Your 97-Word Mini Japanese Culture Lesson


A small assortment of random Japanese onomatopoeias, for you:

The dog says: wanwan

The cat says: nyaonyao

The baby chick says: piyopiyo

The rooster says: kokekokko

The gleaming, sparkling object says: pikapika

The knock on the door says: tonton

The door bell says: pinpon!

The crunchy snack says: sakusaku

The empty stomach says: pekopeko

The contented snorer says: guuguu

The rapidly beating heart says: dokidoki

The knocking knees say: gakugaku

The sneezer says: hakushon!

In Japanese, onomatopoeias are written in katakana and there is no equivalent for “bless you” or “gesundheit.” Hakushon is only met with silence.

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2 Comments Add yours

  1. Ginger says:

    well, bless you comes from christianity, right? and the german word just means “health”, like salud. i guess it makes sense for the japanese not to have an equivalent. korea doesn’t either. it’s weird not to say something after hearing someone sneeze.

    my mom always says “god bless you” when i say goodnight and i always say “i didn’t sneeze.”

    also, the germans were really surprised to find out that we use their word after sneezing…english adopts crazy random words from so many languages! and i’d venture to say that most people in america don’t know what that german word means or even how to spell it (which i don’t want to do either).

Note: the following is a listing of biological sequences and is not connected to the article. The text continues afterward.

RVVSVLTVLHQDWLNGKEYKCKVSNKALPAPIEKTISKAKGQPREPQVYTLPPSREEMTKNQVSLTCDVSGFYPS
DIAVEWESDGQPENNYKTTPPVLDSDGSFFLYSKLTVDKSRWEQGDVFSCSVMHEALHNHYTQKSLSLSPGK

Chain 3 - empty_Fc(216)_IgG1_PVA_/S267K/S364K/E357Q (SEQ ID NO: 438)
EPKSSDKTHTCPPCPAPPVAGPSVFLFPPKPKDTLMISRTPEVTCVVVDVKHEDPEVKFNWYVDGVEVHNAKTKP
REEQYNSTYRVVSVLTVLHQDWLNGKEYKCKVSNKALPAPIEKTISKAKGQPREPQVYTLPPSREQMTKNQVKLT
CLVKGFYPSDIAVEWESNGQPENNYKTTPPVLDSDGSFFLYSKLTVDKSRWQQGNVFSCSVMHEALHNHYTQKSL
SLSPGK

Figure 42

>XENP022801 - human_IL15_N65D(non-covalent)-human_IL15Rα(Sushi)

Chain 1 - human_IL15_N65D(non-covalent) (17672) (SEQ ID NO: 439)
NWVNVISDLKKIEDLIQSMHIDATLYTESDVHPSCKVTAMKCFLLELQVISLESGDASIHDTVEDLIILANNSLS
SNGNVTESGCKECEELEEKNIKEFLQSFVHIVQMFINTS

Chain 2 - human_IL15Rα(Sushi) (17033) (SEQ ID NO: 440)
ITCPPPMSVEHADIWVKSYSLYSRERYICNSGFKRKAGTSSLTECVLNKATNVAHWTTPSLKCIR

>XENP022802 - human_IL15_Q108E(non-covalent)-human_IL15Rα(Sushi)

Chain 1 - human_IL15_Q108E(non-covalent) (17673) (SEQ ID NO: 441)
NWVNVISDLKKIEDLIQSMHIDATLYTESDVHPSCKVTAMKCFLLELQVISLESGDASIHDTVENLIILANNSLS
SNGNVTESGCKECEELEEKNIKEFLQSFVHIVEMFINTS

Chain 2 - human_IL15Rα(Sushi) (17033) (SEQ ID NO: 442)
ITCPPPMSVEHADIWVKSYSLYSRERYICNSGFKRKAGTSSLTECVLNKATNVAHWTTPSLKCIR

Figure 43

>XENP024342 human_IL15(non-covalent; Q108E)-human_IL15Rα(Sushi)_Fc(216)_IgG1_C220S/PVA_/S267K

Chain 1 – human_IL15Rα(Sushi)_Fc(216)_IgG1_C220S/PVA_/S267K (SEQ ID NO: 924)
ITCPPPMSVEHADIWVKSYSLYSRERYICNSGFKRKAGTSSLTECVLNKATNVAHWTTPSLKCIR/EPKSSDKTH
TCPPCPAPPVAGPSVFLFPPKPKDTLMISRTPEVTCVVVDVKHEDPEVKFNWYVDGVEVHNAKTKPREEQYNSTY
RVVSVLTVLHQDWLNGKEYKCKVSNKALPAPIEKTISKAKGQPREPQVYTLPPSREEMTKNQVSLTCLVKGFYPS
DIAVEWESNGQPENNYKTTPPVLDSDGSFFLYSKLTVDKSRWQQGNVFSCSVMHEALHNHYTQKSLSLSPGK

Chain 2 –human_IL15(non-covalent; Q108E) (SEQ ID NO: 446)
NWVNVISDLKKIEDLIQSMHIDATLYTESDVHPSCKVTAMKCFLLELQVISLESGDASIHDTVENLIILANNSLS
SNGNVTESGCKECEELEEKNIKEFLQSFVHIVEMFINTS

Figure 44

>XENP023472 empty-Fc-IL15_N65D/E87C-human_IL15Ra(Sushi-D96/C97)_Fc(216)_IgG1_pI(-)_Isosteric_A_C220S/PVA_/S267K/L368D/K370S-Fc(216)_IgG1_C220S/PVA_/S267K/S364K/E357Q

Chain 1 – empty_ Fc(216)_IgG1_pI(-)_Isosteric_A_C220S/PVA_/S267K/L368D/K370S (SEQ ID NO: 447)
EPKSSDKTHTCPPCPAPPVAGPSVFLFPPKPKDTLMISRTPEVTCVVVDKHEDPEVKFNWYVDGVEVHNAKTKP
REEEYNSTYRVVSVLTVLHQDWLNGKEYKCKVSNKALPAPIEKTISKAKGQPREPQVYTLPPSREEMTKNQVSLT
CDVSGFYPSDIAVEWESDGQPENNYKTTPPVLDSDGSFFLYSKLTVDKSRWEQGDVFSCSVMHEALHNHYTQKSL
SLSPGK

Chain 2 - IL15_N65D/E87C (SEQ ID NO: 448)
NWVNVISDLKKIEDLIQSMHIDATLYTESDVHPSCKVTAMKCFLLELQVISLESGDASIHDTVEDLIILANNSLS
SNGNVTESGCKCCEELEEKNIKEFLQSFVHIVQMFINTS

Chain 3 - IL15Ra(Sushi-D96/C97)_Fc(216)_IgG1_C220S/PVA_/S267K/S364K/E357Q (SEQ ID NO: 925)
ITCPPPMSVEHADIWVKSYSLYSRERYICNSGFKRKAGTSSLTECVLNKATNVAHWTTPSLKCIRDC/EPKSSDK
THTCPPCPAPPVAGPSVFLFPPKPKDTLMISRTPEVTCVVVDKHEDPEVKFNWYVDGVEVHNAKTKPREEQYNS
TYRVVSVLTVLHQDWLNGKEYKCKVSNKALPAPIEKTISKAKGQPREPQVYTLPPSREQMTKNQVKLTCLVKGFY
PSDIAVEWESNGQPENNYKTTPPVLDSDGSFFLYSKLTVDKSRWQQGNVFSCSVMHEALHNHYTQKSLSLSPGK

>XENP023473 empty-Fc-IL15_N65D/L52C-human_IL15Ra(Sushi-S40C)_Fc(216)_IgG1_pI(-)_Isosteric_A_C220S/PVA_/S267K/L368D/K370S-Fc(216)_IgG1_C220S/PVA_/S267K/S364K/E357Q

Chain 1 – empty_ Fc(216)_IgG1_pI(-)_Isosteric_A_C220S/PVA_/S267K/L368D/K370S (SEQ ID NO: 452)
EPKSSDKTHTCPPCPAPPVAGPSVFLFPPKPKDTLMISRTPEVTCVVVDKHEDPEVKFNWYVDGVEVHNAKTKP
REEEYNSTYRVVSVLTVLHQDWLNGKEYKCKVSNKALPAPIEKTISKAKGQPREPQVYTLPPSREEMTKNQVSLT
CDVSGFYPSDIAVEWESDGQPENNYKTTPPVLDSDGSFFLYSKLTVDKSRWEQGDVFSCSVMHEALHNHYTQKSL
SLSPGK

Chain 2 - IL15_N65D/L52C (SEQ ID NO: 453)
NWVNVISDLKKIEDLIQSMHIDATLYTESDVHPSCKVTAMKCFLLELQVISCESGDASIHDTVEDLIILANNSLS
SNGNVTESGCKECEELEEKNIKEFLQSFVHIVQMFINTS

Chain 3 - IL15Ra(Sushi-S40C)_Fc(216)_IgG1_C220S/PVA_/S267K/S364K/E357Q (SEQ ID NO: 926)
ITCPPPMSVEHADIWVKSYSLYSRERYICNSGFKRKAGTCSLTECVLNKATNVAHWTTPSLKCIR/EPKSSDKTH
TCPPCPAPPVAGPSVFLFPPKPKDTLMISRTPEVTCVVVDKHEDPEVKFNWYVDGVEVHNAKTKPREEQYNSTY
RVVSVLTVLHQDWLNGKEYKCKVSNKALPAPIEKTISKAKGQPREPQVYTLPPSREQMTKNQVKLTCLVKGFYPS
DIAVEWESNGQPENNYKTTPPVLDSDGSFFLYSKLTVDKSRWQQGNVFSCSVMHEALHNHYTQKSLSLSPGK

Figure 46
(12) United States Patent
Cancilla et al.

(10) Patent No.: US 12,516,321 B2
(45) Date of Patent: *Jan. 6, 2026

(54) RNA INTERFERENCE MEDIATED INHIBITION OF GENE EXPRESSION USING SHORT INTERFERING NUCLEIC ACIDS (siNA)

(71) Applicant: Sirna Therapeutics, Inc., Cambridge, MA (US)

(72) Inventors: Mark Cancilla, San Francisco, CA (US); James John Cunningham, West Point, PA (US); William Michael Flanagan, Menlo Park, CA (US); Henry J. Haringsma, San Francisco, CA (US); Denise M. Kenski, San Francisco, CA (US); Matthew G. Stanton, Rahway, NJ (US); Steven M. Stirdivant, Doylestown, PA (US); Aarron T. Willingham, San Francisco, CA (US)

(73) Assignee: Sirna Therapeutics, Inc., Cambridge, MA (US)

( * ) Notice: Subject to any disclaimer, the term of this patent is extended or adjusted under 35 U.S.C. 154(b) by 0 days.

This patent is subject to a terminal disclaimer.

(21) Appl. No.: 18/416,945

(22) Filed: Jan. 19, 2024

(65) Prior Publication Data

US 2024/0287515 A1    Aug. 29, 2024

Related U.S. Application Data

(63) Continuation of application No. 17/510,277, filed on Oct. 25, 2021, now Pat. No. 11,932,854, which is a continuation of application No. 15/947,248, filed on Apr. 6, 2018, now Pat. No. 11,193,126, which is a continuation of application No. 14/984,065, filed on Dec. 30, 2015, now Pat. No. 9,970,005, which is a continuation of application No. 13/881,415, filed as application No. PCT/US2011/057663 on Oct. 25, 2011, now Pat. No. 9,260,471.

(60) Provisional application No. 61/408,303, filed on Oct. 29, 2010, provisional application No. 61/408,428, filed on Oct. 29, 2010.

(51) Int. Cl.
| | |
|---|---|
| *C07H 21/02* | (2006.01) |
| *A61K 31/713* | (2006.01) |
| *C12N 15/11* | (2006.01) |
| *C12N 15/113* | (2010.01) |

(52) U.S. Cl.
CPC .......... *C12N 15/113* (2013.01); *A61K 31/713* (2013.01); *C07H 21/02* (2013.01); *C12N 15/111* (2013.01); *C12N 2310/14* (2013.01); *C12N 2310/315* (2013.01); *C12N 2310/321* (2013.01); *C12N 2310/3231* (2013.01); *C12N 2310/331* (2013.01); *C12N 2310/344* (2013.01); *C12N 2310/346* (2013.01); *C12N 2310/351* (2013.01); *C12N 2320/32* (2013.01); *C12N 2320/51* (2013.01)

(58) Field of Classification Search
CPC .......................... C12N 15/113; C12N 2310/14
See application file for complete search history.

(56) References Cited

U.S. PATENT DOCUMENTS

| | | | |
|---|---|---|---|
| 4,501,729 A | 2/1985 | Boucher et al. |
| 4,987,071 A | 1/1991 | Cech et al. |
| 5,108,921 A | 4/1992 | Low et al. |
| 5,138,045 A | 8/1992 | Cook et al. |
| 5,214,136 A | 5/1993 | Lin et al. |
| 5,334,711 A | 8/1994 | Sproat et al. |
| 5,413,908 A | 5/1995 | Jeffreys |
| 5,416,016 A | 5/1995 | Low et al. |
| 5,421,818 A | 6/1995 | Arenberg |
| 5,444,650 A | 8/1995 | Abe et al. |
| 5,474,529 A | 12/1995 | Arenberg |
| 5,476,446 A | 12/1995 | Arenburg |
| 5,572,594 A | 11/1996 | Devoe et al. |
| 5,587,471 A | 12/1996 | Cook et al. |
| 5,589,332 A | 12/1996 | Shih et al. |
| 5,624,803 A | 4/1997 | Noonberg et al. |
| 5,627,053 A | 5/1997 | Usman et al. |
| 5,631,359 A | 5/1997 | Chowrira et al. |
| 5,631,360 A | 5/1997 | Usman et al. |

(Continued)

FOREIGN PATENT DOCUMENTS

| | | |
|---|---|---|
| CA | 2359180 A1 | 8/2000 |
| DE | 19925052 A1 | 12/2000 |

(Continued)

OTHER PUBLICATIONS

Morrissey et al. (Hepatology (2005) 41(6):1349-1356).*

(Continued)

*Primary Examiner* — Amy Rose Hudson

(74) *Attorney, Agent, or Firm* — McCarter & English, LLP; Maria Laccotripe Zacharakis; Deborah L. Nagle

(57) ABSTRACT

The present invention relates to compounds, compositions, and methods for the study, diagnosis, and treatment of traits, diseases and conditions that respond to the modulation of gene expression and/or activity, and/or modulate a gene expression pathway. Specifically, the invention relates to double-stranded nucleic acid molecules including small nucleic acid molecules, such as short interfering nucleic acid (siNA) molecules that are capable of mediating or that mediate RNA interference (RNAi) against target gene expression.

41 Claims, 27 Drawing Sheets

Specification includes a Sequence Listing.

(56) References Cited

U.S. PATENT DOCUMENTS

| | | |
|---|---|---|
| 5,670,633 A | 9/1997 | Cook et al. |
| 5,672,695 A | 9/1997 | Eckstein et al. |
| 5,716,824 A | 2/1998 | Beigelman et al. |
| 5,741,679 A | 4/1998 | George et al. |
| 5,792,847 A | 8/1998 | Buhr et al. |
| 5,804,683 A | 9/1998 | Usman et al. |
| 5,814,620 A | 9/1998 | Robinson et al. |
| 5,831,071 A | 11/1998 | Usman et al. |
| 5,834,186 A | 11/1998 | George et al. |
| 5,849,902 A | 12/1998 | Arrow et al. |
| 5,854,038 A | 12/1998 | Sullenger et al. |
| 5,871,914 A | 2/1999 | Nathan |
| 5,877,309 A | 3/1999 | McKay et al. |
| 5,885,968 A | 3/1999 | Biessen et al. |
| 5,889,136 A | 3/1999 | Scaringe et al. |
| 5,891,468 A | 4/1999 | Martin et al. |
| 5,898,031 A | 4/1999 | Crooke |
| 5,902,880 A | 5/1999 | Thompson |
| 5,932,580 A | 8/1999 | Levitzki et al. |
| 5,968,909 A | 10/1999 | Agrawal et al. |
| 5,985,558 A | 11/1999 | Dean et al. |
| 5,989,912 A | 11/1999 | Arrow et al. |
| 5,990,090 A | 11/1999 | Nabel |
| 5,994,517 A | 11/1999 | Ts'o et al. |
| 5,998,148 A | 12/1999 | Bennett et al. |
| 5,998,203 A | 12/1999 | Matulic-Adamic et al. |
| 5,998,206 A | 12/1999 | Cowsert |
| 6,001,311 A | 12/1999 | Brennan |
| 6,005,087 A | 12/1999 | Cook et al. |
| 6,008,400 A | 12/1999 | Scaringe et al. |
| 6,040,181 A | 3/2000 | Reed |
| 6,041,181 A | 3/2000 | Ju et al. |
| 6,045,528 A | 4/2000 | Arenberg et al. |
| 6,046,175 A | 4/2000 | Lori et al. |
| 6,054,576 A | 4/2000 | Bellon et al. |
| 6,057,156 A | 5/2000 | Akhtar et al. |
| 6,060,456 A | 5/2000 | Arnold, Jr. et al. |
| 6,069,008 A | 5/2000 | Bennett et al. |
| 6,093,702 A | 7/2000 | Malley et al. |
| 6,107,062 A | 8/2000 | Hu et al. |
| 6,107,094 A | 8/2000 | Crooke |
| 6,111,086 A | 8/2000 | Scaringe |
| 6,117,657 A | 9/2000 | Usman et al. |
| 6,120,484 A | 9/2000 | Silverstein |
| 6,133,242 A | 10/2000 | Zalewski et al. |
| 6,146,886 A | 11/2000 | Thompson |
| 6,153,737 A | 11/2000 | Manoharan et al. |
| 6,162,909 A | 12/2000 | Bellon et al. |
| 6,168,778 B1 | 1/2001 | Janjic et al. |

i think the sounds made in spanish are weirder than japanese, because the language is similar but the interpretations are different. the japanese have different alphabets to work from, so it makes sense for them to have different sounds.

    although most of them sound like something from a pokemon episode. picapica!

  2. Stan says:

    Hi, Liv.

    My girlfriend has become “americanized” as she puts it. When she sneezes – always in groups of threes – I say “bless you” and she now says “Thank you.” Also, her vast americanization extends to her hugging her parents when she’s about to leave the country and return to the States. Routinely, her parents freak out at the touching. I followed Aki’s lead in hugging her mom goodbye and I’m pretty certain that was an elbow I got to the stomach.

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